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EVs not off the cards for Renault in Aus

Post modern: So far, Renault Australia has only imported the Kangoo ZE, which has been part of a trial with Australia Post for a number of years now.

Renault Australia could use EVs to build the brand: Normand

13 Mar 2017


RENAULT could still sell electric vehicles in Australia as a way to build the brand’s reputation and highlight some of its technology, according to the company’s new EV boss.

In Europe, Renault sells the Zoe fully electrified light hatch, a spicy 340kW/640Nm version of which was unveiled at the Geneva motor show, as well as light-commercial electric vehicles including the Kangoo ZE and Master ZE.

Renault has introduced a number of Kangoo ZEs to Australia as part of ongoing trials with organisations such as Australia Post, but has been hesitant to offer any passenger EV models because of the expected high price and lack of government incentives.

Renault senior vice-president of electric vehicles and former vice-president of Asia Pacific region (including Australia) Gilles Normand told GoAuto that any electrification strategy for the Australian market would be more about building the brand than achieving significant volume.

“In countries like Australia, where Renault is known for sporty cars, and known for LCVs, C-segment cars like Megane, but obviously we are still a small player in the Australian market,” he said on the Renault stand at the Geneva show. “We are not very much above one per cent market share.

 center imageLeft: Renault senior vice-president of electric vehicles Gilles Normand

“However, when you bring in EVs, it gives you a lot of credit in terms of innovation. And more than selling EVs, you are selling as well the Renault (brand), the French engineering and our roots and genetics. This is why we are very much supportive of going along with any initiative from the team in Australia to support them in that direction.”

The French car-maker’s Australian arm was set to launch the Fluence ZE electric sedan back in 2012, but the plan was put on ice about six months before battery swapping company Better Place – which was going to partner with Renault in the rollout of the Fluence – filed for bankruptcy.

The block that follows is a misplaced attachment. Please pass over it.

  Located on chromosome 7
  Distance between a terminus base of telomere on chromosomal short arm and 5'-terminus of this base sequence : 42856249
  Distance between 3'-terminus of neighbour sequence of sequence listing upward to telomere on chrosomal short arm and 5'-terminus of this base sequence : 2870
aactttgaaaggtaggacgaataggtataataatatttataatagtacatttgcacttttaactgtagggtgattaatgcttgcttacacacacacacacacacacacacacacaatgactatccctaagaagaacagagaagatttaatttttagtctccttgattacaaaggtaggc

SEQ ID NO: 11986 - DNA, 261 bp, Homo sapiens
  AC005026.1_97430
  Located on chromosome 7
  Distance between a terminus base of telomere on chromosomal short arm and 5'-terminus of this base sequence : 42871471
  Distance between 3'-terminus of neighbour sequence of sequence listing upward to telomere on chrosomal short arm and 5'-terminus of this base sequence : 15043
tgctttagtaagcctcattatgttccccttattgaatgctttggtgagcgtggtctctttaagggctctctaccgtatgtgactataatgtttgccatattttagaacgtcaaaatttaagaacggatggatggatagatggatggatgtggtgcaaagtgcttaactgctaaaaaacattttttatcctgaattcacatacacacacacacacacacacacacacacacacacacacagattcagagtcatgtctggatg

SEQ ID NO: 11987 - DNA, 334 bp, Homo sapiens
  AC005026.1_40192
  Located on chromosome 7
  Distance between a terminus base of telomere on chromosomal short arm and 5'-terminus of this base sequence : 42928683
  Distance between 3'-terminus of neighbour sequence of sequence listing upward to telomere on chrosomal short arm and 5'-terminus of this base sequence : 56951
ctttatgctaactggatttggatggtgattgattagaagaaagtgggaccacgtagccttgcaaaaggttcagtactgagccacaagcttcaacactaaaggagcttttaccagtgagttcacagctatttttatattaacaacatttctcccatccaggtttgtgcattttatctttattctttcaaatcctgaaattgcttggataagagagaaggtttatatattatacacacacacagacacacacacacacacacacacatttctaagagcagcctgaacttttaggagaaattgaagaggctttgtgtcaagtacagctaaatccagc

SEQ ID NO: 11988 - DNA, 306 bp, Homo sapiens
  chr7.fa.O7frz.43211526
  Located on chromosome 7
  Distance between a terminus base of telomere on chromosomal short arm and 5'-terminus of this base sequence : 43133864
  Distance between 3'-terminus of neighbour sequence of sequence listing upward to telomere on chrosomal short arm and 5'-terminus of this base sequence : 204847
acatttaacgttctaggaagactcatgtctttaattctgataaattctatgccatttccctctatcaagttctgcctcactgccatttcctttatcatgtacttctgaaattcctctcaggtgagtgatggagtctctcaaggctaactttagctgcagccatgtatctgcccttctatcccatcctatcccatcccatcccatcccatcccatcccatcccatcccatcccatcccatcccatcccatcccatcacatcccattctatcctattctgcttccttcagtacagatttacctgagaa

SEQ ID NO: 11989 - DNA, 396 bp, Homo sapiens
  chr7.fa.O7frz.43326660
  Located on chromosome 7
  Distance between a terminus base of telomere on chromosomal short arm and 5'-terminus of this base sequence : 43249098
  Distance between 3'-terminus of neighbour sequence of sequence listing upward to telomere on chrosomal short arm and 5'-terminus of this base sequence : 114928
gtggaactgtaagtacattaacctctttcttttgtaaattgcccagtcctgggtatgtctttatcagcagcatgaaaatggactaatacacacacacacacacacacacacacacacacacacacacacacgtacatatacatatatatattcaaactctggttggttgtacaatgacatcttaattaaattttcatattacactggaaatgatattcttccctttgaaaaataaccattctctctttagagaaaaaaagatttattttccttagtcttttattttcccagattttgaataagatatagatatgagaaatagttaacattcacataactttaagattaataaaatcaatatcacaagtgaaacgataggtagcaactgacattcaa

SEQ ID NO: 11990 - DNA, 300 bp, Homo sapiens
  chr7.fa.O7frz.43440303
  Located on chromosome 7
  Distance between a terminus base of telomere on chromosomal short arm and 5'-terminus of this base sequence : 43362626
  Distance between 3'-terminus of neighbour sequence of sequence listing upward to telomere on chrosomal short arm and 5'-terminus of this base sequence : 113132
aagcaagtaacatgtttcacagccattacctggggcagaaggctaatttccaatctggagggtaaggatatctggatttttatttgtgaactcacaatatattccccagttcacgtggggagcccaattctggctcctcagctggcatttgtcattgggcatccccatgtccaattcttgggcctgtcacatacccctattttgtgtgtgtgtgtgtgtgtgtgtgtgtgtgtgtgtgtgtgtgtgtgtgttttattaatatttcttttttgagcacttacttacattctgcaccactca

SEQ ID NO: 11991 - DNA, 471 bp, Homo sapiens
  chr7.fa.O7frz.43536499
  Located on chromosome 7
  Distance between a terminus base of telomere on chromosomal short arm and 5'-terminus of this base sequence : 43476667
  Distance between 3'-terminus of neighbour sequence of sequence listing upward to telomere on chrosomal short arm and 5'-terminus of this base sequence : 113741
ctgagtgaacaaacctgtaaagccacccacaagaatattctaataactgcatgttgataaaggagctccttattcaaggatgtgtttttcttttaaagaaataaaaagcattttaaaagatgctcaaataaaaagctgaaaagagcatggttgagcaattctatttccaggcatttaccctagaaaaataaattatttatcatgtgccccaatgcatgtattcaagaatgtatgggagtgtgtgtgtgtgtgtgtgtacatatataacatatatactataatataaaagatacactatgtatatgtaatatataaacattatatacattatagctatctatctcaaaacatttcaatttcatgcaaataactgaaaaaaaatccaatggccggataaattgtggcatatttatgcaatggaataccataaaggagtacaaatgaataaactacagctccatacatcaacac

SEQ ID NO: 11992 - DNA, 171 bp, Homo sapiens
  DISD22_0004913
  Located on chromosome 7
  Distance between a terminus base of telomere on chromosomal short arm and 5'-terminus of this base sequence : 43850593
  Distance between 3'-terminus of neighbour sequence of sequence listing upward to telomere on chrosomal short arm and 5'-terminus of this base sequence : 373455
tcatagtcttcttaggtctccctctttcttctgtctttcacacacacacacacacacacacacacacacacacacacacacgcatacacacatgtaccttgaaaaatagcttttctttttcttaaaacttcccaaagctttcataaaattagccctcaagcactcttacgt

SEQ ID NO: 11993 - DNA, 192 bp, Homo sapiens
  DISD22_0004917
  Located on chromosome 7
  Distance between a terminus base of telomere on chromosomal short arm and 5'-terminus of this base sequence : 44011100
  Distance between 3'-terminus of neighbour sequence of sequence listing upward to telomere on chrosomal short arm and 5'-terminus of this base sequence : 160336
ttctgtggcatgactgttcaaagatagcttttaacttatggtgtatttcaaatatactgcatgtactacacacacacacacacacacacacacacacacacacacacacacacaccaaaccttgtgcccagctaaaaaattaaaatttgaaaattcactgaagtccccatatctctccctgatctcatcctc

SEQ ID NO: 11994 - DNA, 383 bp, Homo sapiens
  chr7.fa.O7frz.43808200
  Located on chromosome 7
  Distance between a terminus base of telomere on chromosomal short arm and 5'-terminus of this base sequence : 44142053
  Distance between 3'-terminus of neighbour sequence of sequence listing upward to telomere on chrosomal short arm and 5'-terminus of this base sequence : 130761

Mr Normand acknowledged that it was difficult to sell EVs in Australia because of the lack of incentives or infrastructure, but highlighted the success of such vehicles in European cities that have strict emissions laws.

“Now more in Europe, downtown cities will restrict ICE (internal combustion engine) vehicles, because of emission particles of CO2.

“If you go with EV with LCVs or a car, there is no restriction. In Paris you can go anywhere, any day. So the benefit at the beginning was a little bit of incentive in amount, but it can be given in a different way, which is I give you benefit if you are driving a ZE car.”

Mr Normand said Renault’s EV strategy involves pushing models such as the Zoe, adding that there were “a lot of possibilities” for that car. Following that, the plan is to increase market coverage of EVs by segment, which it has started to do in the LCV space.

The other aspect of the strategy to encourage growth, is to push into the growing Chinese EV market with a yet-to-be-seen electrified city runabout.

“Our sales are predominately done in Europe. We want to expand outside Europe,” Mr Normand said. “Typically the largest market is China. We think that in China there is a huge market potential. But for that you need to have special product, which is an A-segment car, which is smaller than the Zoe. But with a very different price point.

“Here we are speaking about $8000 as a price point without incentive. So here we are in the process of development of this A-segment car. It will be very modern, ultimate electric technology developed together with Dongfeng, our partner in China.”

Timing for the new micro car in China is unclear.

Finally Mr Normand suggested that Renault could offer sportier, more exciting EVs down the track, as witnessed by the wild Zoe e-sport concept from Geneva that can race from 0-100km/h in 3.2 seconds.

“The direction is to make sure that EV is completely part of our strategy.

Renault is passionate about cars. So you can expect we are passionate about EV cars. And this (Zoe e-sport) is a good example that EV and passion are a good match.”

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